While they did finish 10 games over .500 last season (86-76), failing to make the playoffs for the first time since 2017 constitutes a disappointing season for the Milwaukee Brewers. Once mired in a 26-year postseason drought, this franchise has done a lot with a limited payroll and will look to continue its winning ways for the 2023 MLB season.
Led by hometown manager Craig Counsell, the Brewers produced their fifth above-.500 season over the past six seasons, and pitching has been a big part of every successful season. Led by starting pitchers Corbin Burnes and Brandon Woodruff, and reliever Devin Williams, Milwaukee relied on a solid group of arms to overcome their offensive woes.
Looking ahead into 2023, all eyes will be on Counsell to see if he can keep their playoff drought at just one season – with the National League Central division not looking all that strong, the chances of them returning to the postseason look optimistic. But a lot of things that may have gone the wrong way last season need to go right this year if they want any shot at earning a spot in the postseason bracket.
Christian Yelich returns to form – just not MVP form
It has felt like ages since MLB fans were treated to top-form Christian Yelich, as injuries and inconsistencies have troubled the 2018 NL MVP for far too long. Can the 2023 season be his time to return to form?
The offense has long been the biggest area of improvement for the Brewers, and a big part of their struggles can be tied to Yelich looking like a completely different ball player. Having barely cracked a .250 batting average in 2022, Yelich was forming back into the player that the Brewers traded for, so this next year could be one where he takes another huge step back to being what he was.
Granted, expecting Yelich to return to MVP form may be a bit of a stretch at this point, but if he can get back to being the .275 average, 20+ home run, and 80+ RBI option in the lineup, then the Brewers will feel less bad about the massive extension they handed Yelich a few years back.
Freddy Peralta outpitches Burnes & Woodruff
Over the past few seasons, both Burnes and Brandon Woodruff have filled the part as co-aces for the starting pitching staff for Milwaukee. With Burnes coming off a lights-out performance last season and both options seeing free agency on the horizon, let’s spice it up a bit with the team’s best SP this upcoming season.
While only having appeared in 18 games last year (17 starts) due to a shoulder injury, Freddy Peralta looked pretty solid, putting up a 4-4 record with a 3.58 ERA. His 2021 campaign (10-5, 2.81, 27 starts) was the best of his career, and he certainly has the tools to replicate that in 2023.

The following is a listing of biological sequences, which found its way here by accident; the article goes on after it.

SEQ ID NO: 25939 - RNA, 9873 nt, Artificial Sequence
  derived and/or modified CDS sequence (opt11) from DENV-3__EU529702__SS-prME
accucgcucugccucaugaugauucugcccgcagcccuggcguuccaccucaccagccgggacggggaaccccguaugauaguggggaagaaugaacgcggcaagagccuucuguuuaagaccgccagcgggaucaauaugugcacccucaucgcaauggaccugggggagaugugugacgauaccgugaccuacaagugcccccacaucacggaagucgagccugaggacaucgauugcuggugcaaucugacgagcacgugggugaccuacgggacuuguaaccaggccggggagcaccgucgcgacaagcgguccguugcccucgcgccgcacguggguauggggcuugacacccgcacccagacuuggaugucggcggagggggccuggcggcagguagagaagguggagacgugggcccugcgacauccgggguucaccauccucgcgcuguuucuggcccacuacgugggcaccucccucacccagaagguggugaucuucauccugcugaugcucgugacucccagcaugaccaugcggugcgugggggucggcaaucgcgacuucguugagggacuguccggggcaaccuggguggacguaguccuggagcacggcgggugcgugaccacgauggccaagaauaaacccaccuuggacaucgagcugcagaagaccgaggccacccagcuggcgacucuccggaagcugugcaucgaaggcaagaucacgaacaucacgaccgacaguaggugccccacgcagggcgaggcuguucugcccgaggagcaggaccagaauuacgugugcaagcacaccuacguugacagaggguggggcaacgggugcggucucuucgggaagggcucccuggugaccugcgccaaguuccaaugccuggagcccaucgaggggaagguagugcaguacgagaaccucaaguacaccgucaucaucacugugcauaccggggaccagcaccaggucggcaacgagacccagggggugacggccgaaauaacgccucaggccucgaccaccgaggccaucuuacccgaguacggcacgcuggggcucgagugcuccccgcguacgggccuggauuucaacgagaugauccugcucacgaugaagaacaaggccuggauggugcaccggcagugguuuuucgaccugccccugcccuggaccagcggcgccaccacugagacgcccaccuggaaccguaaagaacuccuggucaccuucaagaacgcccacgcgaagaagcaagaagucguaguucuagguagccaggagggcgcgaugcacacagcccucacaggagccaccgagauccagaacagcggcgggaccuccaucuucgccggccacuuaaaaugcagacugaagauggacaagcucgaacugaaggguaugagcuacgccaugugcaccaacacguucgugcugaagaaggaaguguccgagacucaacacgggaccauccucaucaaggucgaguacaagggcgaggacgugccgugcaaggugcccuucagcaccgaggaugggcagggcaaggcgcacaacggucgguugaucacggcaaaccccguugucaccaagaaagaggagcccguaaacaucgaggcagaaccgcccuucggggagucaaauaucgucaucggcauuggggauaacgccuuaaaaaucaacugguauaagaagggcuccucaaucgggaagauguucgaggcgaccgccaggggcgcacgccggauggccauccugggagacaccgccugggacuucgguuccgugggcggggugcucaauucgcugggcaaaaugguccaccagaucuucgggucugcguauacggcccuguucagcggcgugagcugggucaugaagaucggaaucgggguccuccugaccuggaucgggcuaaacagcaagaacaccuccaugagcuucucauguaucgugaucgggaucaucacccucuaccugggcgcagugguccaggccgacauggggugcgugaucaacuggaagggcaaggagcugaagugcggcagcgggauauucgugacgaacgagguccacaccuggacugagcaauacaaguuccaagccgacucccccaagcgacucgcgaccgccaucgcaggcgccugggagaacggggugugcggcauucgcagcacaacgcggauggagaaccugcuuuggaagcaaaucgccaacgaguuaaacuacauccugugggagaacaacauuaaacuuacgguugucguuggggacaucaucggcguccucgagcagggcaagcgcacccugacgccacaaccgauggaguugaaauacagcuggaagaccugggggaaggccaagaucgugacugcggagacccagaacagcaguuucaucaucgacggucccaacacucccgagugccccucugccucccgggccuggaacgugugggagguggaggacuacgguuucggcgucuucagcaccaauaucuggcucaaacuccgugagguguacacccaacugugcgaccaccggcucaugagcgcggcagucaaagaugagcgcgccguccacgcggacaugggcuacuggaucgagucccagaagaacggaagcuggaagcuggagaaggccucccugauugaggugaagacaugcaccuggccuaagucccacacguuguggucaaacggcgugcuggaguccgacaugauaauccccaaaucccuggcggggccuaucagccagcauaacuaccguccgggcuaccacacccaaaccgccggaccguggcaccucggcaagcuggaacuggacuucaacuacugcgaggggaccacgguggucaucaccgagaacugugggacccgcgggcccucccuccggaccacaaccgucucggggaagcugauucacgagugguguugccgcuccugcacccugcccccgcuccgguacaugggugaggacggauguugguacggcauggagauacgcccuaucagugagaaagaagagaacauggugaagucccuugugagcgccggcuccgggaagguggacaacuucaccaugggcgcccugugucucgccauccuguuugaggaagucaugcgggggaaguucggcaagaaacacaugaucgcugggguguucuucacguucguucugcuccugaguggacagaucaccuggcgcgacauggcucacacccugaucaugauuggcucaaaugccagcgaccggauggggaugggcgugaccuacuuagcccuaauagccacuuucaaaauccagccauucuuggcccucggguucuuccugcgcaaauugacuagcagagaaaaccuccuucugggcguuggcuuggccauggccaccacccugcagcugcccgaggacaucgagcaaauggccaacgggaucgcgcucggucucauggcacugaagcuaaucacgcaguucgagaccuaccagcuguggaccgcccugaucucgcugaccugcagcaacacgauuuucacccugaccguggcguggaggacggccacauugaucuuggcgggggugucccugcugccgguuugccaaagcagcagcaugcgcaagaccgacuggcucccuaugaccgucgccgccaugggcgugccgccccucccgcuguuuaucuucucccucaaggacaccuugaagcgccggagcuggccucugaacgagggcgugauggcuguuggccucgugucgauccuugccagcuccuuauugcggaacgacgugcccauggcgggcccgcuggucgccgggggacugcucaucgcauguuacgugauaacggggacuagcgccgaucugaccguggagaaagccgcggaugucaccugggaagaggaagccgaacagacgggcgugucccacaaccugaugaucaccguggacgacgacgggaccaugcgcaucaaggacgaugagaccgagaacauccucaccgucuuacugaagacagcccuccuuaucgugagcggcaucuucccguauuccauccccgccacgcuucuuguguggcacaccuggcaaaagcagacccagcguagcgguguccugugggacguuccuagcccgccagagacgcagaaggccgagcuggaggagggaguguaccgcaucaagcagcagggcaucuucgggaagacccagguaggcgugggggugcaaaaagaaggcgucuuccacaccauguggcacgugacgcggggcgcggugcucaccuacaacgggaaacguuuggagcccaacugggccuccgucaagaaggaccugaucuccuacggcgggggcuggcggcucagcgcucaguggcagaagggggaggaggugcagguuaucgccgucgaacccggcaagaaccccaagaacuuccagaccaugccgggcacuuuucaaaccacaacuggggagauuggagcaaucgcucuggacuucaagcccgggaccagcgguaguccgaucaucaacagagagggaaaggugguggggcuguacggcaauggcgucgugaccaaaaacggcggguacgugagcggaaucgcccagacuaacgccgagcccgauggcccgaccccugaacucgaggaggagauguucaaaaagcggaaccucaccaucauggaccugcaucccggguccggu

Pitchers regularly deal with arm fatigue and lose both velocity and movement on their pitches, so here’s to optimistically thinking that Peralta’s 2022 campaign was a year of build-up for a stellar 2023 campaign, one the Brewers desperately need.
Big-money extensions handed out
Money is a very hot topic when talking about the Brewers, and it certainly is a topic that angers a good chunk of the fan base. With owner Mark Attanasio playing the role of a tight-pocketed team owner, the front office has had limited funding to work with.
With GM David Stearns now in an advisory role and Matt Arnold stepping into his seat, it will be interesting to see just how many characteristics Arnold carries over and how many ways he puts his unique stamp on this team. A good first step to making a great impression on this team is by building for the future, which means handing out some well-deserved contract extensions.
With Willy Adames, Burnes, Woodruff, and Peralta all hitting free agency in 2025, the time to hand out contract extensions is now – and Arnold will do just that. Of these four core players, Adames and Burnes are likely up first, seeing as how they are most important to the future success of the Brewers.
Adames probably gets his deal done first, as he should command less annually than what Burnes deserves, but Adames likely would earn a longer deal (5+ years) on his long-term deal. For Burnes, a front-loaded deal could very well be the interesting pathway Arnold takes in negotiations, keeping long-term money open either for a backloaded Woodruff/Peralta deal or even for the first big-money extension for uber-prospect Jackson Chourio.
Whatever path the Brewers and their front office decide to take regarding extending their stars, they need to start that process this year. With these four franchise pillars needing new deals soon, this is a perfect opportunity to rewrite the script of a team that typically lets production head elsewhere because they don’t want to open their pocketbooks.